Is Organic Food Healthier? 8 Great Reasons to Go OrganicElizabeth Stark
Before I had my first daughter I was blissfully unaware of many of the hidden dangers lurking in our food. Sure, I often bought organic, didn’t microwave in plastic, and tried to buy hormone-free dairy and meats, but you know, I was living my life (mercury-infused tuna, pesticide-laden blueberries, BPA-lined tomato cans and all). Thanks to the internet, my first pregnancy unleashed a torrent of fears, foods to avoid, containers to avoid, and chemicals to fear. It was pretty overwhelming. With a limited budget the challenge of keeping your family safe can seem insurmountable, so instead of feeling like a protector, I felt really inadequate. The other day I heard another mother say to her toddler in the market, “That’s not organic. We don’t eat that–it’s yucky.” I glanced anxiously at the conventional (and on sale!) chard in my basket, and once again a familiar feeling of guilt set in.
So, does organic matter? The fact is, it does. If you’re on a budget, these can be tough words to hear since organics can be expensive and hard to come by. But there are solid reasons to choose organic products, especially where kids are concerned. Here’s the lowdown on why organic is important, so you can make educated decisions while shopping for your family. And, I hope, breathe in a sigh of (temporary) relief.
For more on being a smart organic shopper, check out 10 tips for eating organic on a budget.
Organic food tastes better 1 of 8
Organically grown foods are better for the environment 2 of 8There are a lot of reasons to be concerned about the pesticides we ingest, but there is also reason to be alarmed about the pesticides that don't make it into our food supply. Pesticide runoff can pollute any number of waterways, destroy fragile ecosystems, and create toxic algae blooms or dead zones in our oceans.
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Organic dairy is more nutritious 3 of 8
Organic meats and milk are free of added hormones 4 of 8Conventionally raised livestock is often dosed with hormones to either increase the speed with which it grows or, in the case of cows, to increase the amount of milk they produce. There's no question this is bad for the animals which can develop painful infections, pass on birth defects to their young, and become malnourished from overproducing milk. Less clear, but still important, is the effect on humans. Milk from cows given hormones has higher levels of Insulin Growth Factor-1 which in turn has been linked to colon and breast cancer.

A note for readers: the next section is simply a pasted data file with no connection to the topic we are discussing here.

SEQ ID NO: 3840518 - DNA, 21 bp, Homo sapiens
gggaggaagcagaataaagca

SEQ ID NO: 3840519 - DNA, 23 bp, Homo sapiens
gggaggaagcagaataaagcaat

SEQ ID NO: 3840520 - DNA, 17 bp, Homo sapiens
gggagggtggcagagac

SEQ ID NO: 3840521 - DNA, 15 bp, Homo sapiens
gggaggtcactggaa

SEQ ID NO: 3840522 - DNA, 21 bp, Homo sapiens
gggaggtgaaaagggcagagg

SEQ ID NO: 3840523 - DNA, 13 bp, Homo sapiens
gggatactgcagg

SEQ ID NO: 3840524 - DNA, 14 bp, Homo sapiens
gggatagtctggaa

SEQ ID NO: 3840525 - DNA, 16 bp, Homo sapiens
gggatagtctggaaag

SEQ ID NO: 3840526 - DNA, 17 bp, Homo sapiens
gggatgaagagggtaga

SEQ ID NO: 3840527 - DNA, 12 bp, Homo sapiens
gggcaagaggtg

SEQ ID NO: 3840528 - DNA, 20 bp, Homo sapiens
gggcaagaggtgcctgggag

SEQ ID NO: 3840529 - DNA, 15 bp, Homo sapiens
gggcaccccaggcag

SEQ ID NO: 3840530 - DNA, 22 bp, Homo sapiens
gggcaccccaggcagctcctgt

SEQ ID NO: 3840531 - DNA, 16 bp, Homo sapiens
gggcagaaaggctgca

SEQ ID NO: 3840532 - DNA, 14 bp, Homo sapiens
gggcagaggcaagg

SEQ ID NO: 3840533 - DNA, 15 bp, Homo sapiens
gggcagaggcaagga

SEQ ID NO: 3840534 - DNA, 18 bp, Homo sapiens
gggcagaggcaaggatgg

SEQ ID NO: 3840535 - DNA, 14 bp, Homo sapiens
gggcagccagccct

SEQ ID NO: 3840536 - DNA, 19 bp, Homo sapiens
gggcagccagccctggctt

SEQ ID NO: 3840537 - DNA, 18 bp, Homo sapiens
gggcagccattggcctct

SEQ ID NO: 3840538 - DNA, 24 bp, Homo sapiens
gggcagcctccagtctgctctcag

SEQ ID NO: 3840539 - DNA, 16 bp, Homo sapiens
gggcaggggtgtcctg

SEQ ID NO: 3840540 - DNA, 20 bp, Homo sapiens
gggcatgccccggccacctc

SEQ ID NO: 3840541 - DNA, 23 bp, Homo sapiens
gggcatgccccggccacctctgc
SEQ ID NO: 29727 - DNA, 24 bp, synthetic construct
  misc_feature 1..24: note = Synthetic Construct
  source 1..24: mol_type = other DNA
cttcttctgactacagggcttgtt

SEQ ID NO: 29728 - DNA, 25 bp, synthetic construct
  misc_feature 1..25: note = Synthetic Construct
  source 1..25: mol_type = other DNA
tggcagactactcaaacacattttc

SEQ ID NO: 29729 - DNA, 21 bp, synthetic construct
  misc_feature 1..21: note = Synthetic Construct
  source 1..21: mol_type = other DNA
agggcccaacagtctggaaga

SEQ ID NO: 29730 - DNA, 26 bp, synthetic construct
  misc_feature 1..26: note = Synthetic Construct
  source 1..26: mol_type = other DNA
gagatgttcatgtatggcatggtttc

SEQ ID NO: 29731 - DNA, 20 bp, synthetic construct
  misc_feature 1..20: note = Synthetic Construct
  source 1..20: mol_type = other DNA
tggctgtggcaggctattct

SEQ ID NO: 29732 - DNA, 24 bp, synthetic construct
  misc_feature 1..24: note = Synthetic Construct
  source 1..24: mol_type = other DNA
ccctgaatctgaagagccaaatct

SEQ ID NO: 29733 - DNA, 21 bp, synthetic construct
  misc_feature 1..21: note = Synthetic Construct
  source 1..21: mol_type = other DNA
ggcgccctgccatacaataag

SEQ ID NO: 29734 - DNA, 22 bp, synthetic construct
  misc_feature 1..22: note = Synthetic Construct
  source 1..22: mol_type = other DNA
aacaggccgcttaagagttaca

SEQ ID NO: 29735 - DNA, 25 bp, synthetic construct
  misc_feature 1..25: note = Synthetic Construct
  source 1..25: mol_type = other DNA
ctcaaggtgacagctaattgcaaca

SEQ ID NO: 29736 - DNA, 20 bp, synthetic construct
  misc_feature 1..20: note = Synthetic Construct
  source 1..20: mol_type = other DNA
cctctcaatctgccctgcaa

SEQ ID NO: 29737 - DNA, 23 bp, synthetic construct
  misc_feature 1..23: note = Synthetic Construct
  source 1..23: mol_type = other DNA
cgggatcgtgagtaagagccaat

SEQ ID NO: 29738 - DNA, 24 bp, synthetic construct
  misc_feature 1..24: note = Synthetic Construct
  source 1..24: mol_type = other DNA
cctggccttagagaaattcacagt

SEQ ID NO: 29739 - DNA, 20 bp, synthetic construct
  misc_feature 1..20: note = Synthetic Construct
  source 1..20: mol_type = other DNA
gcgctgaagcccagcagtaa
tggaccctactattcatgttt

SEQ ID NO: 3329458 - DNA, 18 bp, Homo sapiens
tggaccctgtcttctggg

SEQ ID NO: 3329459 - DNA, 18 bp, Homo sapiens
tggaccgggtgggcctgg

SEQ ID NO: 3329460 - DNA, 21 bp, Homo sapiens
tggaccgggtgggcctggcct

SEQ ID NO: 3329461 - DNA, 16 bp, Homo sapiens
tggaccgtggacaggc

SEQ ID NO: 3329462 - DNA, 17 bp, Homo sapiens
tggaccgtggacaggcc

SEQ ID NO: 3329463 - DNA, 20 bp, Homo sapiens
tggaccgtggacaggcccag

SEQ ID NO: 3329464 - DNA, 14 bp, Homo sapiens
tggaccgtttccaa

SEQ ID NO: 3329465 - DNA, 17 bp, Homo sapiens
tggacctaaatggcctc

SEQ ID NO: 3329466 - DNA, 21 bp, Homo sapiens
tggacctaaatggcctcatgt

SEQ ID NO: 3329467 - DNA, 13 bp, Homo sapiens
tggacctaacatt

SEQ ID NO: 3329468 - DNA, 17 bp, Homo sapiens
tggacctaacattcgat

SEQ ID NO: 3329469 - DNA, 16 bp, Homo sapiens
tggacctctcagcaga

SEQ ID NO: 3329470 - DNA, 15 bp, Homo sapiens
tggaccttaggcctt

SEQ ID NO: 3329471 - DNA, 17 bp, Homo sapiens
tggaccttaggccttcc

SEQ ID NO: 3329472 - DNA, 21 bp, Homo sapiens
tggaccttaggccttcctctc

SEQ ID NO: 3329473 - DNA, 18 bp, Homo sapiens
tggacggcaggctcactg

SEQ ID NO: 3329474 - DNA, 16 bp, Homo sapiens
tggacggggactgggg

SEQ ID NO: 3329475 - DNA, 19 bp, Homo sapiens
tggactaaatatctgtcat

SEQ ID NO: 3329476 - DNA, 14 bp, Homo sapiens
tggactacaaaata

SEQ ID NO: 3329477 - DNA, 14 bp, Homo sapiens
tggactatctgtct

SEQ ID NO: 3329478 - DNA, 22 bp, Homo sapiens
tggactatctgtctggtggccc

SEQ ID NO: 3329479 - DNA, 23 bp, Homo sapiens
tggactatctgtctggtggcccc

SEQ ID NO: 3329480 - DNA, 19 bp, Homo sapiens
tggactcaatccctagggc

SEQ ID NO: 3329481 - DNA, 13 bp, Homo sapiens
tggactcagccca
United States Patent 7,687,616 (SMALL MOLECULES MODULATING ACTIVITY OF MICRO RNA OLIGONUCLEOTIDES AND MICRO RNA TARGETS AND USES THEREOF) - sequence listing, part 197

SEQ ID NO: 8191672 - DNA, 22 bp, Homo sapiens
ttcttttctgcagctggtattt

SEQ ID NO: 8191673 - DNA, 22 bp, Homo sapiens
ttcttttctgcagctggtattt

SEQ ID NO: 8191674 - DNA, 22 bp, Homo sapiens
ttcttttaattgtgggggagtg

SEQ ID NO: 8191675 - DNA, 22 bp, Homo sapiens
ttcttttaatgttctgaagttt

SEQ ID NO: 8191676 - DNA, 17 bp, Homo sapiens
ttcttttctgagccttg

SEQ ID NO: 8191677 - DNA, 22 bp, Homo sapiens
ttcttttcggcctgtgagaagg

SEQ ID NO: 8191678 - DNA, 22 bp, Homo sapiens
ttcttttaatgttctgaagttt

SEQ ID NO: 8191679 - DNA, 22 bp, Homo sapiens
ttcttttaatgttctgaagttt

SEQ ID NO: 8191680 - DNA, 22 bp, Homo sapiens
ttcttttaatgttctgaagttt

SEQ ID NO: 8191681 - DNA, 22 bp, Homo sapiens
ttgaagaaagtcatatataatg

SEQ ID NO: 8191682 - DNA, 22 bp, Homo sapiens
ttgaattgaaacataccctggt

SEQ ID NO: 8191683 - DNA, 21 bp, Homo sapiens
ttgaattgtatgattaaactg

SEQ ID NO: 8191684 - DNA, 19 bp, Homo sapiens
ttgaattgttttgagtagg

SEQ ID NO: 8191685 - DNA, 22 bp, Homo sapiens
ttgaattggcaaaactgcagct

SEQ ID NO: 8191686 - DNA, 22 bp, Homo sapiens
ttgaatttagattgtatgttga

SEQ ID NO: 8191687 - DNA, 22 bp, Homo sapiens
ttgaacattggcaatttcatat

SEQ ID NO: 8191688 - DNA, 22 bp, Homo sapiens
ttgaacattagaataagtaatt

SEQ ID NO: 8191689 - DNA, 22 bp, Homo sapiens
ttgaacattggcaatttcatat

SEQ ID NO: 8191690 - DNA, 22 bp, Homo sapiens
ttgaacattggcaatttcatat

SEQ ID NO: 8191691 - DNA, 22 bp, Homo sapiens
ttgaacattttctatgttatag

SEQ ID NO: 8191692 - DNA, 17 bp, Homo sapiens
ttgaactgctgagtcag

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Organic meats and milk are free of antibiotics 5 of 8Fully 80% of antibiotics in this country are given to animals, mainly as part of their feed as a way to keep the animals from getting sick in the crowded and unsanitary conditions they are kept in. The problem with abusing antibiotics is that it leads to antibiotic-resistant strains of bacteria which is bad for the animals and bad for humans when a super-bug jumps over to humans, as a drug-resistant form of staph infection recently did.
10 tips for eating organic on a budget
Organic food is better for those who work on farms 6 of 8The harmful chemicals used to raise conventional crops can really add up when you're eating them, but when you're exposed to them in large quantities every day as farm worker, the effects can be devastating. Eating organic can reduce the human toll of agriculture.
10 tips for eating organic on a budget
Organic farming supports small farmers 7 of 8Sure, organic produce costs a little more, but it's also one of the ways small farmers can compete with the big guys. It's true that there are plenty of industrial farms that use organic techniques (and that's a good thing), but a lot of us have a soft spot for the independent farmer making a go of it on his or her own, which is increasingly difficult. Because organic farming relies less on expensive inputs like synthetic fertilizer, pesticides, and GMO seeds and the higher prices commanded for the results, it's easier for a farmer to make a living.
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Organic foods are free of GMOs 8 of 8Though genetically modifies organisms (GMOs) are in wide use, the jury is still out on their safety. GMOs can contaminate non-GMO crops, may be impacting the biodiversity of the soil and environment at large, and because they're unlabeled, can cause allergic reactions when allergens are blended with other foods.
Learn more about GMOs in food
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